, Helen Chin, in case you need to give a photo credit. From left to right,  Bob Groff, Principal, PS244Q Dennis Walcott, Chancellor Amie Hamlin, NY Coalition for Healthy School Food Eric Goldstein, CEO of School Support Services (Photo: Helen Chin)
The Active Learning Elementary School is the first school in the city to go meat-free in its cafeteria. Chancellor Dennis Walcott recognized Principal Bob Groff and others at the school during a visit today. (Photo: Helen Chin)

A Queens school that has won accolades in the past for encouraging its students to adopt healthy behaviors is taking things a step further by eliminating meat from its cafeteria.

The Active Learning Elementary School, which serves young students in Flushing, is the first school in the city to go all-vegetarian, and city officials say it might be a pathbreaker nationwide. Chancellor Dennis Walcott, a fitness and diet junkie himself, visited the school for lunch today.

Instead of serving sloppy joes or roasted chicken, the school will serve up “healthy recipes such as roasted chickpeas, braised black beans with plantains, tofu vegetable wrap with cucumber salad, vegetarian chili served with brown rice, falafel, and roasted tofu with Asian sesame sauce,” according to the city’s press release.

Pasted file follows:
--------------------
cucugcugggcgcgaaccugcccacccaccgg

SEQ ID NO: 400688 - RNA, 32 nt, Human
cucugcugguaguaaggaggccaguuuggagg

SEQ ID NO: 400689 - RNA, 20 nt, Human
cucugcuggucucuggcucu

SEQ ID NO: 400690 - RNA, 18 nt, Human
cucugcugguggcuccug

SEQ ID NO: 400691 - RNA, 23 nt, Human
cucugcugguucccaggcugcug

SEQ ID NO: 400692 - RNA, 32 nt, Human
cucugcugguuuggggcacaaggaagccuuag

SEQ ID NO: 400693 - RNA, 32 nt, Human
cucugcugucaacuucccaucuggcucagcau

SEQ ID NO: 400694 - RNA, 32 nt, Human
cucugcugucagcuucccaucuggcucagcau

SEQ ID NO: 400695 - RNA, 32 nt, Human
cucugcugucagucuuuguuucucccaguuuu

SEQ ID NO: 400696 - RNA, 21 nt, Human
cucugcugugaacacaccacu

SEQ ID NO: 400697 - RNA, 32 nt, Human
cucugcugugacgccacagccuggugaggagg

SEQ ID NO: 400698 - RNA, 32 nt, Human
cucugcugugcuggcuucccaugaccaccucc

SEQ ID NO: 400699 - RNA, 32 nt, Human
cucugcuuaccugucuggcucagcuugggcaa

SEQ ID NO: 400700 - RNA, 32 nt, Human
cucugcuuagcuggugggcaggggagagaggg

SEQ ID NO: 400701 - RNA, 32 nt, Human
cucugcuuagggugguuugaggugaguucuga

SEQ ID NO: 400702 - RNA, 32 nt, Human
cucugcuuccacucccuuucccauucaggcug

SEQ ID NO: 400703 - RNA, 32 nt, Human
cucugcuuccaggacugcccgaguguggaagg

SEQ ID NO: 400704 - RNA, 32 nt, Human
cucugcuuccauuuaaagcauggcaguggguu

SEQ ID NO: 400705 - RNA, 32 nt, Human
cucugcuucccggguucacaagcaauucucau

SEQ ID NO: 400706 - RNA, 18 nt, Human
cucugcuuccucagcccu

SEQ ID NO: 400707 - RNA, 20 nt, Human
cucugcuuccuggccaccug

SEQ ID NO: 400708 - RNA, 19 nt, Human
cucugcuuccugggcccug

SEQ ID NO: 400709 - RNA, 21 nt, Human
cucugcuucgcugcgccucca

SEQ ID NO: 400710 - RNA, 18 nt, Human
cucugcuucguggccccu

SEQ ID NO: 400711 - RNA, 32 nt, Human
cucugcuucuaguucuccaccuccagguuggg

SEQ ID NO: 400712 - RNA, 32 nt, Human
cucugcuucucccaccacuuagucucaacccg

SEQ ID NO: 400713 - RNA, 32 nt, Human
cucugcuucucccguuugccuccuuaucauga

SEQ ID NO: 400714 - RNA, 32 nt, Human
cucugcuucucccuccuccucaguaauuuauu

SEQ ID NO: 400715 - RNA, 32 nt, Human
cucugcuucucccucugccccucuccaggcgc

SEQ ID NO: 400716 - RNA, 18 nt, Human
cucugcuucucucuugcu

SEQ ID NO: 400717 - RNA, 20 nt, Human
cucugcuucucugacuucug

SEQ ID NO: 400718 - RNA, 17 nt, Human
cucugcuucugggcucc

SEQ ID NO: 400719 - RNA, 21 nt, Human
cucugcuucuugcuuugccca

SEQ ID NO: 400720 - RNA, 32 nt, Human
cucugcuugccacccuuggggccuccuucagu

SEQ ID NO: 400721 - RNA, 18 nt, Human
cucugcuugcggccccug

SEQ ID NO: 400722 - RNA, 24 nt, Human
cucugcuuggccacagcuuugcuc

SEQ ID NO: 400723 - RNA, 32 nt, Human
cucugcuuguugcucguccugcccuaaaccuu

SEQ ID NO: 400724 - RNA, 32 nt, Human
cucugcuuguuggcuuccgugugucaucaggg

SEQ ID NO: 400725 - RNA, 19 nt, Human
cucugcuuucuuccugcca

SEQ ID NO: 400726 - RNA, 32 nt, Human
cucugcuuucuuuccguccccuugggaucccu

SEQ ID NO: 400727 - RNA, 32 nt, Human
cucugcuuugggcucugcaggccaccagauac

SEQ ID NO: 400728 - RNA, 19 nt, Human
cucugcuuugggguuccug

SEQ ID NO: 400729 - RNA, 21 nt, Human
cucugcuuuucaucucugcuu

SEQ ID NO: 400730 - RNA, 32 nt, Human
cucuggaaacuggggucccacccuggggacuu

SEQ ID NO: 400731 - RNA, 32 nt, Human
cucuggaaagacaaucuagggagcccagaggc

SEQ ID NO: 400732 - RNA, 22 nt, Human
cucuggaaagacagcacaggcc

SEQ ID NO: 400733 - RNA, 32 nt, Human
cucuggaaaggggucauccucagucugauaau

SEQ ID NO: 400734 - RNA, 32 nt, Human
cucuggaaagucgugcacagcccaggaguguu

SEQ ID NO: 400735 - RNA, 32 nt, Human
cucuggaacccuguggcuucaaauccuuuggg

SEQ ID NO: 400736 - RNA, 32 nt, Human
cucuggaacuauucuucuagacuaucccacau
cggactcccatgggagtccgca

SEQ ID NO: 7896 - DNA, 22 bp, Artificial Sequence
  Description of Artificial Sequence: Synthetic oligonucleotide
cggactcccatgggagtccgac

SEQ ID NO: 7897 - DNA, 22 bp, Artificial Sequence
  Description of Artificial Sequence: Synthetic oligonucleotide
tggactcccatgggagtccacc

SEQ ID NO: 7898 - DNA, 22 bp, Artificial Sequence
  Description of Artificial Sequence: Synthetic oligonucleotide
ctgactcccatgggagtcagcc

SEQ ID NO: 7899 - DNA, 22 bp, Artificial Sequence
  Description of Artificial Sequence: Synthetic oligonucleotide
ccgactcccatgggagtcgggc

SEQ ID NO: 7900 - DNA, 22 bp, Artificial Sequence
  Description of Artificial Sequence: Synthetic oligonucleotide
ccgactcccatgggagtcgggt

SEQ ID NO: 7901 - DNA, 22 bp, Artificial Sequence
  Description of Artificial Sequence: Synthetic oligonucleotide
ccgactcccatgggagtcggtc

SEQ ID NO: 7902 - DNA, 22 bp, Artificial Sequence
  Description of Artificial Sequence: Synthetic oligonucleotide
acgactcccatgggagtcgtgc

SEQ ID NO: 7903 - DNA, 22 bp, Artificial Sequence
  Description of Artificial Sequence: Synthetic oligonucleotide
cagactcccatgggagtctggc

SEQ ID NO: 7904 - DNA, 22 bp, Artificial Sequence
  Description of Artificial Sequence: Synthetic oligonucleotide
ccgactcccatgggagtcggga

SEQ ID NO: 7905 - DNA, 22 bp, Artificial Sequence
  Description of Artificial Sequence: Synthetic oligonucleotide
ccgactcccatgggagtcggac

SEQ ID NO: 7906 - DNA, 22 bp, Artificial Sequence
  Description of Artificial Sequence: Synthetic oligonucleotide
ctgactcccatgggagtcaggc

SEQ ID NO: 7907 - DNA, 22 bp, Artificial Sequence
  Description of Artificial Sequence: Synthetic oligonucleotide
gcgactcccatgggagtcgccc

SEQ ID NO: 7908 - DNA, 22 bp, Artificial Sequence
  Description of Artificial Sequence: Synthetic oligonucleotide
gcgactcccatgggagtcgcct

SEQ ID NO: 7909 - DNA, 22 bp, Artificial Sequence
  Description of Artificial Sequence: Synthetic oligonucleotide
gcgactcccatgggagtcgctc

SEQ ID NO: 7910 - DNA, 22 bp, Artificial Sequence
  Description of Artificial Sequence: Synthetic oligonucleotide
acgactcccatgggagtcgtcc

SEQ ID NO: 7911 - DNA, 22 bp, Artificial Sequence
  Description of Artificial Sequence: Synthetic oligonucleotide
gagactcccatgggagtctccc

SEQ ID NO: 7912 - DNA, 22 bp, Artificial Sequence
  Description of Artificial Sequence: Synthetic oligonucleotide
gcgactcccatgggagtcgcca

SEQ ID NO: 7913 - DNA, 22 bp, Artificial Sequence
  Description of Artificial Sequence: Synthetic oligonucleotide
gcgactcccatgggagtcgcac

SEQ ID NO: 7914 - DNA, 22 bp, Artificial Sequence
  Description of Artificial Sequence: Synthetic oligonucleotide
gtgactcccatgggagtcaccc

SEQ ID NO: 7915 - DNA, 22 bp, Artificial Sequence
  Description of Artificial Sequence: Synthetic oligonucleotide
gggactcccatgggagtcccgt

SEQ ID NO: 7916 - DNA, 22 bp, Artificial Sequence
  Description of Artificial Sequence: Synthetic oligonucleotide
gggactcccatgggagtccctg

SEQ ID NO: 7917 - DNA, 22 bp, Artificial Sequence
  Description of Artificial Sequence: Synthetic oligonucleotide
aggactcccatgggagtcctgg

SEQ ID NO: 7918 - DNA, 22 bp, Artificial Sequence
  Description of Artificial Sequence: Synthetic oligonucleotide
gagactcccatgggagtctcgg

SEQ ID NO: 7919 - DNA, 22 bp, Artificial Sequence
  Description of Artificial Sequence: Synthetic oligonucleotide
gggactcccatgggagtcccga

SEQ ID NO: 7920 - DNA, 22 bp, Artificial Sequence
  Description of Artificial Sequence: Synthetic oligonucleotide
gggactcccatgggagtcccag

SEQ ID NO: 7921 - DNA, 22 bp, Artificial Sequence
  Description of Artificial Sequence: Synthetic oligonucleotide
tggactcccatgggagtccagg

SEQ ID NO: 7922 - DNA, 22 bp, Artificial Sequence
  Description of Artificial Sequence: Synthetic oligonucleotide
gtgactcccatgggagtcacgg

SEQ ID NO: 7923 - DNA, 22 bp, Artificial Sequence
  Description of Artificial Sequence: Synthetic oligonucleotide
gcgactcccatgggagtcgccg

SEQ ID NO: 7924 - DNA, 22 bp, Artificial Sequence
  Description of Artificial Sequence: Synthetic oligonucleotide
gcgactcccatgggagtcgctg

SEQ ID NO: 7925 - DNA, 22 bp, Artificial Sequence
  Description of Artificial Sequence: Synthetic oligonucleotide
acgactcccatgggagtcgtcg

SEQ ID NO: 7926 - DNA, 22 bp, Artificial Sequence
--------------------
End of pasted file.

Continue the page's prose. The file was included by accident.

Principal Robert Groff said in a statement the city distributed that the change was spurred on by the school’s students. “We discovered early on that our kids were gravitating toward our vegetarian offerings, and we kept expanding the program to meet the demand,” he said.

Students at TALES, also known as P.S. 244, have put the school on forefront of healthy eating before. The school dropped flavored milk from its drink choices two years ago after students pointed out the sugar content on the milk’s nutrition label. The change helped the school win special recognition in 2011 from President Bill Clinton for its role in combating obesity and unhealthy lifestyles among children.

Other schools that have adopted “Meatless Mondays” or made other efforts to reduce meat consumption have focused on the environmental advantages as well as health benefits. But TALES still has some steps it could take to reduce its environmental impact. According to a picture from the school that NY1 education reporter Lindsey Christ tweeted today, the new vegetarian meals are being served on styrofoam trays.